I must offer an apology. Last night I attempted to post this entry. However, I had a problem with editing the photos to achieve my goal and I ended up deleting the entry. However, in the process I managed to inadvertently engage the ‘Publish’ button and thereby posted the initial, incomplete and to my mind, unsatisfactory, version.
If any comments were submitted, they were deleted with the original mis-posted entry. My deepest apologies.
One of the most lauded self defense cartridges of modern time is known various as the .45 Autoloading Colt Pistol (ACP), the .45 Auto or just the “.45” – which can lead to some confusion with the .45 (‘Long”) Colt. While the round is condemned by some as generating too much recoil, some condemn the pistols as being too limited in round count and others think the cartridge is too ‘brutal’, very few argue the cartridge is incapable of delivering proper self defense.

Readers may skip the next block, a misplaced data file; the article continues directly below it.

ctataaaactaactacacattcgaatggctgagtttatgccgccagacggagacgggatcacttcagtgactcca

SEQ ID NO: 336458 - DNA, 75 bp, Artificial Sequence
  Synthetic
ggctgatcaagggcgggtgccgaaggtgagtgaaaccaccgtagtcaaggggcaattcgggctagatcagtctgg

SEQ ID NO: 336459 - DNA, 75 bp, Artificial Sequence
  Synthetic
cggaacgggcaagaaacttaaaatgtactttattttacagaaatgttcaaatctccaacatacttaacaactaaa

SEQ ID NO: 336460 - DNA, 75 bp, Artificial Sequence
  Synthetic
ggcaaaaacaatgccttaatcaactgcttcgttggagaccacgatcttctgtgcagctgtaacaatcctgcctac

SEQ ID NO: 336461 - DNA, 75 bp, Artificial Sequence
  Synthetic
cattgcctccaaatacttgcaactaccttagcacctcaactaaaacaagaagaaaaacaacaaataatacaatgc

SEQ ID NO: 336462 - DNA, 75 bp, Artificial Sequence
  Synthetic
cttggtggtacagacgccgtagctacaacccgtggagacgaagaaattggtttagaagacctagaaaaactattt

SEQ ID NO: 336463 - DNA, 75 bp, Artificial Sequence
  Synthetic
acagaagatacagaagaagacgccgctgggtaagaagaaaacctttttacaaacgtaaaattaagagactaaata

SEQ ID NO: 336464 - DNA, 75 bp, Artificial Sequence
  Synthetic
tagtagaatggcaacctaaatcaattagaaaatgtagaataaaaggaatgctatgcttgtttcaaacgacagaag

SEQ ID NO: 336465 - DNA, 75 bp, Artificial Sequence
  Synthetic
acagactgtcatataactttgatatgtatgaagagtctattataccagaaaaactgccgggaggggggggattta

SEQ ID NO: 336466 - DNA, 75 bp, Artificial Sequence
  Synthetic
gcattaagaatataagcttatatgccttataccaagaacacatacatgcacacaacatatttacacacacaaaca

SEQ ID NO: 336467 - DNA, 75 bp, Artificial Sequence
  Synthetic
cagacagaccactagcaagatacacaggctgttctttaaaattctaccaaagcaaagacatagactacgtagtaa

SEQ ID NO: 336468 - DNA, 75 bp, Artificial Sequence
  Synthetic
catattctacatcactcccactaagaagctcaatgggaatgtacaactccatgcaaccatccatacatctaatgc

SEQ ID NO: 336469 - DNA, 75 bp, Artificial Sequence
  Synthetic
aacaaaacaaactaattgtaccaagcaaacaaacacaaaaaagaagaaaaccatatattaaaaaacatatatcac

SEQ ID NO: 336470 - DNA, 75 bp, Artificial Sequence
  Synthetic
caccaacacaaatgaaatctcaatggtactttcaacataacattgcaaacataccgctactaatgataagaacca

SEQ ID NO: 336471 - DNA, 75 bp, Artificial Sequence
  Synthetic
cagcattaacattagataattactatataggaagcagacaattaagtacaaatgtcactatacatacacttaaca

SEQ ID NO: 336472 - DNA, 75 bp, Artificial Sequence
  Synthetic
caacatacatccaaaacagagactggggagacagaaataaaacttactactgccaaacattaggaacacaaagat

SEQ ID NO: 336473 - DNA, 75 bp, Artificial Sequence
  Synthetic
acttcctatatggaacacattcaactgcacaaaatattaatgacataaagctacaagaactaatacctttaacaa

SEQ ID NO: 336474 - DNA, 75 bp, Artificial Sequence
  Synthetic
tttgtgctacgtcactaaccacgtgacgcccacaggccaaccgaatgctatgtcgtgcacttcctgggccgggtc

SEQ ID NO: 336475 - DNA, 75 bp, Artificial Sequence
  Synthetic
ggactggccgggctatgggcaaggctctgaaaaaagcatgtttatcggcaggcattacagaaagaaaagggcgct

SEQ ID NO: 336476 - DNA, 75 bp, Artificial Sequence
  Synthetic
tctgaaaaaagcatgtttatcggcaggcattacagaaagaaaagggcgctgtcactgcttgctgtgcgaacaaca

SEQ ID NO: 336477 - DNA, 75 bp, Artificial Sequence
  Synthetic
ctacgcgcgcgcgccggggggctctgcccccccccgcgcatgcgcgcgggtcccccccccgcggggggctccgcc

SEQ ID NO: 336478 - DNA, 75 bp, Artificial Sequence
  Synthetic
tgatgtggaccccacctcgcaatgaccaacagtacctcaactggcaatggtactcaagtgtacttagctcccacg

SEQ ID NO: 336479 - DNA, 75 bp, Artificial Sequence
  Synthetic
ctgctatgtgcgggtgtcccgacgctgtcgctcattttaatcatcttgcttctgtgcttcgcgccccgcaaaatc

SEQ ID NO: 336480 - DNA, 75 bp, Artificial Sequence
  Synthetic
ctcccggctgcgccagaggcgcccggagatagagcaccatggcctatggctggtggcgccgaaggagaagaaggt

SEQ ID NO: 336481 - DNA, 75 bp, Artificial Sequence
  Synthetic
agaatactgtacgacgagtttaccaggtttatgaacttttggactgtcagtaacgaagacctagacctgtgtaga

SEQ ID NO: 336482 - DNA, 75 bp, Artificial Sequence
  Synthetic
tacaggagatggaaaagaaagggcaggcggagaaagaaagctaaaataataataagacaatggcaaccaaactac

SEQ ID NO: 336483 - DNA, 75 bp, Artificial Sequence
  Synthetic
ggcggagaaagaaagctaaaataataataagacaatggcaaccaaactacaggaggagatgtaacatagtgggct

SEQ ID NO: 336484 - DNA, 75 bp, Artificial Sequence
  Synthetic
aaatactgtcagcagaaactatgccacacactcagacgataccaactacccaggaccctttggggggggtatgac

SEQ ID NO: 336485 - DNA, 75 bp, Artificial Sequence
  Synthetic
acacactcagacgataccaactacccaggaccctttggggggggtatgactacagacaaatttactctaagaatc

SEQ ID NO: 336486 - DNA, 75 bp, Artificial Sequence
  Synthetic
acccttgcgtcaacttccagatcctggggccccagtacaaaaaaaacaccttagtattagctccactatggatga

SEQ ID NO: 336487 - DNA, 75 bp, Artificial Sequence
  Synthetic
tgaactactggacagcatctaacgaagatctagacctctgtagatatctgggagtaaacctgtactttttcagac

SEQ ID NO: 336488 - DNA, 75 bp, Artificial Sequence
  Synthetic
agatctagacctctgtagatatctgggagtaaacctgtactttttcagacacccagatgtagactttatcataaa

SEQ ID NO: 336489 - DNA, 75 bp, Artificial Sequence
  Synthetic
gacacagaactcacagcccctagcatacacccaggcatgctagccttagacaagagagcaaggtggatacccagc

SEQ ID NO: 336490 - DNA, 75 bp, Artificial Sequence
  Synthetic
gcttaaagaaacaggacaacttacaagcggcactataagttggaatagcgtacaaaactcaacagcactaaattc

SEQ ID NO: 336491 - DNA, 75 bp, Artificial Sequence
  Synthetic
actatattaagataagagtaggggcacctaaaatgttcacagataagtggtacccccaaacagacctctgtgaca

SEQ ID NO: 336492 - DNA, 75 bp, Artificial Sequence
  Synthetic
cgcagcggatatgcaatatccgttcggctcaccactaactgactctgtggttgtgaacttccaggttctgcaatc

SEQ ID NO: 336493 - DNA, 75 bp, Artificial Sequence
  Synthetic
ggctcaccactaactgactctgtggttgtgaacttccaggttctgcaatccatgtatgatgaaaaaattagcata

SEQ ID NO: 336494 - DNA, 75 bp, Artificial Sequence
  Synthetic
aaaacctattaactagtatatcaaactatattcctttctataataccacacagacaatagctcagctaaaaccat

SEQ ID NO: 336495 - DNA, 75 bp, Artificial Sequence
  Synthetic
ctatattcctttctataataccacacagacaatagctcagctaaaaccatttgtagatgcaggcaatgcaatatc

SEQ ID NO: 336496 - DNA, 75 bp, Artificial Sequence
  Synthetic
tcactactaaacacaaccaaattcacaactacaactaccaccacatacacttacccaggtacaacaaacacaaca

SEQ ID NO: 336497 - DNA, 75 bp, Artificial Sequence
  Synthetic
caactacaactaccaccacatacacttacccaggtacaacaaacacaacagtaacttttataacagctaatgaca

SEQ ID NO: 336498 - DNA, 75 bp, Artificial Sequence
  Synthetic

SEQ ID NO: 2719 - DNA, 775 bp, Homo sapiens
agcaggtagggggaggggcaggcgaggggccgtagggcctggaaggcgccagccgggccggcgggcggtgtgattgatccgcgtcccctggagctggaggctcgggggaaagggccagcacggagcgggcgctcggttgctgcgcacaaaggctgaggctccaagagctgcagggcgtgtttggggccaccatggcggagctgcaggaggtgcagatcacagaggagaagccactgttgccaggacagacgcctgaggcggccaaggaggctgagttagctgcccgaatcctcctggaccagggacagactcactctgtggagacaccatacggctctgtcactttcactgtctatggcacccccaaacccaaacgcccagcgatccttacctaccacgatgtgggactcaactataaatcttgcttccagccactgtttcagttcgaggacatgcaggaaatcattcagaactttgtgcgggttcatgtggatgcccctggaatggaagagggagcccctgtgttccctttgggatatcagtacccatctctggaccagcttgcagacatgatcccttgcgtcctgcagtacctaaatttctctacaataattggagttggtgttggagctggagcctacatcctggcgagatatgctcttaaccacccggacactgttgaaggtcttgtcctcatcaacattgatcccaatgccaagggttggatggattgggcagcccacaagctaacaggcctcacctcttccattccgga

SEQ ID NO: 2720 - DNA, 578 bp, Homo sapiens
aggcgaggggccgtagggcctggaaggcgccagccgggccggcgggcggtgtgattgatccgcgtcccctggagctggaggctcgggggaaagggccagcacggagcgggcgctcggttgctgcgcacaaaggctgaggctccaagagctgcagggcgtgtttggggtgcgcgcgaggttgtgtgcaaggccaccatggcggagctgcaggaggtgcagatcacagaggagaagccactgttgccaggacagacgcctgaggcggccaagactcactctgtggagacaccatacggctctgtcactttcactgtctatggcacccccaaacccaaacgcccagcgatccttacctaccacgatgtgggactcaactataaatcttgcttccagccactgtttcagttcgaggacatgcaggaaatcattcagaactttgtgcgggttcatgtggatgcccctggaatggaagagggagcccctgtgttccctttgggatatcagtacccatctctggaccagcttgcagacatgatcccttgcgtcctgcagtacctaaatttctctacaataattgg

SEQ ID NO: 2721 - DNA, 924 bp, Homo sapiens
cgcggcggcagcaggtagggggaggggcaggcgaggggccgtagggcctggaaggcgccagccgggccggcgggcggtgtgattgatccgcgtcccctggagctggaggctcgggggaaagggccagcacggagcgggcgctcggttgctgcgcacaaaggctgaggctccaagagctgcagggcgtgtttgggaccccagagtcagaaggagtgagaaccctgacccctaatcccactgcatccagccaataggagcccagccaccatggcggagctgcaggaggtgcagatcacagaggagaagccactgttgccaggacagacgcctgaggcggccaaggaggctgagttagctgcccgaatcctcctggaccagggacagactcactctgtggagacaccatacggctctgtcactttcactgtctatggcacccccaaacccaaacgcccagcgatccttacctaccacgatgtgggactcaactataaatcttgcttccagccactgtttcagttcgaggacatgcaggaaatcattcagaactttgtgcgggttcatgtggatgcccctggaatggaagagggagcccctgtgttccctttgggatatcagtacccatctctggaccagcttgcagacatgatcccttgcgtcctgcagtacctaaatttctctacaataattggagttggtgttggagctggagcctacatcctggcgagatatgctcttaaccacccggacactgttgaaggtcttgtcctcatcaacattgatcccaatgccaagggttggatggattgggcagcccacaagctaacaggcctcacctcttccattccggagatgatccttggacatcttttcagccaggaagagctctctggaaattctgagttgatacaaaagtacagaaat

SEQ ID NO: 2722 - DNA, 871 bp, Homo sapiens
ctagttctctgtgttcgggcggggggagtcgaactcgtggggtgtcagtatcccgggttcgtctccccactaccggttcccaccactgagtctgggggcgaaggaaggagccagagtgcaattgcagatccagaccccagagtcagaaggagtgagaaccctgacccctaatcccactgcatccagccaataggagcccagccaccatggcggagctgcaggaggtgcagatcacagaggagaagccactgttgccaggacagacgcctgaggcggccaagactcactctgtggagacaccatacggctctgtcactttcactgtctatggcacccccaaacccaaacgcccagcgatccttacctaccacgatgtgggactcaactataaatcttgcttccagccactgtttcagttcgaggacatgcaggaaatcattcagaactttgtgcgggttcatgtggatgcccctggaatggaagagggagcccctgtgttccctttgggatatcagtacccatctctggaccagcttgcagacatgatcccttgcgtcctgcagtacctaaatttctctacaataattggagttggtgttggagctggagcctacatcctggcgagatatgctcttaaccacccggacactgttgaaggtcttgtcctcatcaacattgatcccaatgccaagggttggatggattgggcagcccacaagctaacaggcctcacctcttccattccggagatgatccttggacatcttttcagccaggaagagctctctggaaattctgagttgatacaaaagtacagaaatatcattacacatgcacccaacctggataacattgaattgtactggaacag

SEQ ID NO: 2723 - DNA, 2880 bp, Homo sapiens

For the record, I think the .45 ACP cartridge is the bee’s knees as a self defense mechanism. It is also quite useful as a target cartridge, presuming the accompanying pistol is suitable prepared.
.45 ACP and .45 Auto Rim variations. From left to right: “Hardball” load for semi-automatic pistol; 185 grain lead semi-wadcutter (reduced velocity) for target use; 200 grain jacketed semi-wadcutter (reduced velocity) for target work; .45 ACP hardball equivalent with lead bullet; .45 Auto Rim cartridge loaded to hardball velocities with lead bullet; .45 Auto Rim cartridge with 255 grain semi-wadcutter loaded to full velocity for defensive use.
There are some – possibly a majority of persons – who prefer other rounds for the purpose. I must confess to a weakness for .44 Special in the role; admit the .40 S&W round is quite adequate and even have been known to carry the lowly .38 Special at times. However, I know of no knowledgable enthusiast who denies the ability of the .45 ACP round to serve in self defense.
I find the double action (DA) revolver – as built by Smith & Wesson (S&W) from about 1900 to around 1981 or so (the ‘pinned barrel’ ilk) – to be well suited as a personal defense device. Yes, they have their detractors; primarily those who lack self-confidence in their ability to deliver aimed fire on an attack and therefore feel a minimum of twelve or so panic driven shots are needed for self defense, OR those who live in constant fear of being attacked by a full chapter of Hell’s Angels or perhaps a reinforced battalion of the Red Chinese Army.
I find the above described DA revolver rather handy and suitably accurate.